Those who work in social media (Uh, oh. That includes me.) are not as ethical as those who work in other areas, according to a recent survey by the Ethics Resource Center.
The 2011 National Business Ethics Survey, a biannual study done since 1994, analyzed responses from 4,800 workers currently employed at least 20 hours per week by their primary employer. The Center found: “A surprising and worrisome divide exists within the workplace between employees who spend substantial time on social networks and those who do not. Active social networkers [workers who spent more than 30 percent of the workday on social media tasks] report far more negative experiences in their workplaces. As a group, they are much more likely to experience pressure to compromise ethics standards and to experience retaliation for reporting misconduct than co-workers who are less involved with social networking.”
The report noted that by 32 percentage points, active social networkers are much more likely to feel pressure [to act unethically] than less active networkers and non-networkers. They also report that 56 percent of active networkers who reported misconduct say they experienced retaliation as a result compared to 18 percent of less active social networkers and non-networkers.
Even more disturbing is this: “Active social networkers show a higher tolerance for certain activities that could be considered questionable. For example, among active social networkers, half feel it is acceptable to keep copies of confidential work documents in case they need them in their next job, compared to only 15 percent of their colleagues.”
So what’s the deal with social networkers? Why do they act less reputably than others?
The report doesn’t say why, but I know the reasons.
First, the pressure to produce material for the content abyss which is the internet is never ending. Producing quality content takes time and most social networkers are not given that time. It is similar to some traditional journalists who have begun cutting corners on professional standards to feed the insatiable 24-hour news cycle. Sadly, their employers would much rather have copy in on time than copy that is high quality and ethical.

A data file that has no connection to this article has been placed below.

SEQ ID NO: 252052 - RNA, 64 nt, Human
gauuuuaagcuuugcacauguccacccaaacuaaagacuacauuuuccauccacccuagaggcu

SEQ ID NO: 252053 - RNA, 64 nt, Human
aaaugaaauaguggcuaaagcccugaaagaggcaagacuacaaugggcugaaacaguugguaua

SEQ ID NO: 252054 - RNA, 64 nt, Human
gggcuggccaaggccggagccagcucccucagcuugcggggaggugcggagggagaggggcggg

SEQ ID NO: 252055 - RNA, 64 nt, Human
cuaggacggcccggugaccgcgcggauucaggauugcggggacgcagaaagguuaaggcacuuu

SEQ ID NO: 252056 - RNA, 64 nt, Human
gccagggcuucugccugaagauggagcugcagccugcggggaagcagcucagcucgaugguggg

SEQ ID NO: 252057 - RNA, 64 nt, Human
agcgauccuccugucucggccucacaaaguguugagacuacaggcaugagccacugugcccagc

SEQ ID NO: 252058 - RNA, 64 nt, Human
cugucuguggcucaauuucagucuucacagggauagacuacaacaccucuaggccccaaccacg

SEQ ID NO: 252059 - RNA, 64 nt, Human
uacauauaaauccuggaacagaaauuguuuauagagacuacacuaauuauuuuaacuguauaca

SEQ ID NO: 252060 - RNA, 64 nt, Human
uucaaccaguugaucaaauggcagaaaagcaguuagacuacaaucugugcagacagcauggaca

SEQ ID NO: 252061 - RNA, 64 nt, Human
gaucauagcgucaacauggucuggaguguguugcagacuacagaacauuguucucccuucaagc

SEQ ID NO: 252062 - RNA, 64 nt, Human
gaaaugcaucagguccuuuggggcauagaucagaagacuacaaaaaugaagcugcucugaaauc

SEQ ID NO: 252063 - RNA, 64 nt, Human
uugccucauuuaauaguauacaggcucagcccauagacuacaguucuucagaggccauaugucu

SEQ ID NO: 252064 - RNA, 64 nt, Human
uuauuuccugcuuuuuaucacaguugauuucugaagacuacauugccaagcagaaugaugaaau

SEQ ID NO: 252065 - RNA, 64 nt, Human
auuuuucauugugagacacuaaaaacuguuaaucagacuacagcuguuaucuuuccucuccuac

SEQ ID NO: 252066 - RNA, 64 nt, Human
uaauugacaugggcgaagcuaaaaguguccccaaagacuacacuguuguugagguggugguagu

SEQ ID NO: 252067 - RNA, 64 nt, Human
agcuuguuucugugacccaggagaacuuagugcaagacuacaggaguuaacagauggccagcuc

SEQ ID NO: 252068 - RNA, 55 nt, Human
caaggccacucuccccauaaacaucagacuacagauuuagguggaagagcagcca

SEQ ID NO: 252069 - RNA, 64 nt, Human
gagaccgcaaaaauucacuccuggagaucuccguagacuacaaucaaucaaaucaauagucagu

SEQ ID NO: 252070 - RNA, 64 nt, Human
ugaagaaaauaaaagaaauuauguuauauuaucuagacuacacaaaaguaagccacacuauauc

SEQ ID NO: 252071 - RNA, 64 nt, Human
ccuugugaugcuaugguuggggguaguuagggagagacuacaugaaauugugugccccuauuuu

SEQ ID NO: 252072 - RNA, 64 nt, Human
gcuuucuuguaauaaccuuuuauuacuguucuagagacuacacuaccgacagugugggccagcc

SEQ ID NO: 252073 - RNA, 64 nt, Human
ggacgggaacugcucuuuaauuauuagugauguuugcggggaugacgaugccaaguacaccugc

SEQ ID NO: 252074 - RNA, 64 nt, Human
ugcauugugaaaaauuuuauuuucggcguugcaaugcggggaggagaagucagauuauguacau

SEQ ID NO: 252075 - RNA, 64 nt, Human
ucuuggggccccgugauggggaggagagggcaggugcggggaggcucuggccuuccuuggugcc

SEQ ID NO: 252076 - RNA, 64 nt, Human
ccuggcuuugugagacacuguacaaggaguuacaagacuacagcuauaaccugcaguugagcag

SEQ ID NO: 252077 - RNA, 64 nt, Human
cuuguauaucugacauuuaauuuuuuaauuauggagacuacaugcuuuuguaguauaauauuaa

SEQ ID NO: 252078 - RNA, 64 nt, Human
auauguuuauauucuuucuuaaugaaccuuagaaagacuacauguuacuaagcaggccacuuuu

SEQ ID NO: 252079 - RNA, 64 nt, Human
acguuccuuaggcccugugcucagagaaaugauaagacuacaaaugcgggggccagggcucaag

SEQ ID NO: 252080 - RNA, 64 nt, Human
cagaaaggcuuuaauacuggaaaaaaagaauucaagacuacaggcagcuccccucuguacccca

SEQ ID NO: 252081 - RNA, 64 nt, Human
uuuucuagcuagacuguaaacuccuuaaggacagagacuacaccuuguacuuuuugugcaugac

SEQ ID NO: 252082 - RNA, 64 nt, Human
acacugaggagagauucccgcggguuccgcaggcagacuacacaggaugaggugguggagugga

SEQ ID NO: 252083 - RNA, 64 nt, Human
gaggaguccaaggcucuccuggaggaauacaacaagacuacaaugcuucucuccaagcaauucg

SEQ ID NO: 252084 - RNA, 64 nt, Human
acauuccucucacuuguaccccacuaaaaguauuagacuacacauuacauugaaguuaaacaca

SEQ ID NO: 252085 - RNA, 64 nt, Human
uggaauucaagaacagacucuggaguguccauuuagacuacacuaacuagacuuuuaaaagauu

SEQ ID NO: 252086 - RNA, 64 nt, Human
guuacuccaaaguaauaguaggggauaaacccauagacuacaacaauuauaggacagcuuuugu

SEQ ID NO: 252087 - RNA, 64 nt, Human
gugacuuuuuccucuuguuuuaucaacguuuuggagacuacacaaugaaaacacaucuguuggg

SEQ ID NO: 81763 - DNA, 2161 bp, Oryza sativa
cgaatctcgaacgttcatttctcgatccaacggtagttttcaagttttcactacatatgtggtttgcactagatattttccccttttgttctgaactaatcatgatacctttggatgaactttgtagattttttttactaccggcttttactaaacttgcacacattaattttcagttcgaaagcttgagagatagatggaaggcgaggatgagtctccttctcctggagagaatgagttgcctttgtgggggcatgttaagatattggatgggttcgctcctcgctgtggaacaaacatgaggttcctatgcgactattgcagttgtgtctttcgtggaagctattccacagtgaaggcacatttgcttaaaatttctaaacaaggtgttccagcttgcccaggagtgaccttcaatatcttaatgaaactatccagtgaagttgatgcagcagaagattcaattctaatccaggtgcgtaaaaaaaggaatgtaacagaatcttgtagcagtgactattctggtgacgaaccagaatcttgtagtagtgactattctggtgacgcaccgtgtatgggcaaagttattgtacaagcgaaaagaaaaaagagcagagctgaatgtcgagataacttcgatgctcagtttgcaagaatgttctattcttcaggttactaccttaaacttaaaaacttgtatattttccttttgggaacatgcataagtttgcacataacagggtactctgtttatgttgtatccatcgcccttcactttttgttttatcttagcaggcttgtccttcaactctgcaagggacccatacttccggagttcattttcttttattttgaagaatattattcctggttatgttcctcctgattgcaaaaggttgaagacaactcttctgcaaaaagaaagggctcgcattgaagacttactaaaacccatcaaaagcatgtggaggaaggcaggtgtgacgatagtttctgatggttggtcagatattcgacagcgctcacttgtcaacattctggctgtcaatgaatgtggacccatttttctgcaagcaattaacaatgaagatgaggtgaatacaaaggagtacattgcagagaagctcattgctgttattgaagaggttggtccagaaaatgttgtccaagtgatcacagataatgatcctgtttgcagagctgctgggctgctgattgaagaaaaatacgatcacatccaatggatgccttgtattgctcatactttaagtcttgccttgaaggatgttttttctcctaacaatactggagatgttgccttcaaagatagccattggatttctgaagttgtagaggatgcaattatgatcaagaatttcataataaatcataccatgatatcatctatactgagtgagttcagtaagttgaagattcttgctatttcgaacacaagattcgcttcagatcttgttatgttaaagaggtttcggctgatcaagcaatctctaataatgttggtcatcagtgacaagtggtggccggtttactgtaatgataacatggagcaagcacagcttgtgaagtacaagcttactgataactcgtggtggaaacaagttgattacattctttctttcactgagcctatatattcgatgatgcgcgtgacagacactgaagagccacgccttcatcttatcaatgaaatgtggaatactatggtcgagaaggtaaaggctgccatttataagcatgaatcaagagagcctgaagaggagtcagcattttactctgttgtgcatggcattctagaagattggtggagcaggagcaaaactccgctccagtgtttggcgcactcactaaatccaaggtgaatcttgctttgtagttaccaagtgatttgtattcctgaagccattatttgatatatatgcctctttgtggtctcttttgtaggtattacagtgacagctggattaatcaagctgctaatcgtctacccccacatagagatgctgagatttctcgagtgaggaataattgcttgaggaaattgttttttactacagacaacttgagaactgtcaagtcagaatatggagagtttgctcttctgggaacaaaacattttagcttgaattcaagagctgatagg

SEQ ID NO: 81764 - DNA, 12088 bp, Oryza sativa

Second, the world of social media is replete with what I call “personal nonsense media.” Case in point: Facebook. It’s overloaded with photos of people’s meals, their review of walking a block-and-a-half and ‘humble bragging.’ In other words, the universe of social media has become banal with very few standouts worth my time and yours. Amid this morass, the content standard bar drops lower and many social media reflects that level. Content writers don’t feel the necessity to offer well-done content in a media that tends to equally value useless material.
Third, when social media workers do call attention to ethical lapses their employers retaliate against them which sends the tacit message: “You’re taking this too seriously. Forget it and move on.” Worker internalize this as: “If you don’t take my material seriously, boss, than why should I? It doesn’t really matter what I produce.”
I don’t see this changing any time soon. Instead of becoming more discerning we are changing our business and personal lives to accommodate more media including that which offers little intellectual nourishment. And, content provider companies are feeling more pressure to churn out internet fodder even if it’s of lower quality. This belief filters down to workers and around it goes.
Lather, rinse, repeat.
I fear that we’re seeing Gresham’s Law applied to social media. Economist Sir Thomas Gresham – although he may not have been the first person to do so – postulated: “When a government compulsorily overvalues one type of money and undervalues another, the undervalued money will leave the country or disappear from circulation into hoards, while the overvalued money will flood into circulation.” It’s commonly put as: “bad money drives out good,” and it appears that bad social media is driving out good social media as long as we continue to value the poor quality.
Guest Author: Larry Kahaner, Blogger at The William G. McGowan Charitable Fund, provides grants in three program areas including Health care and Medical Research; Education, and Community Programs for Those Most Vulnerable.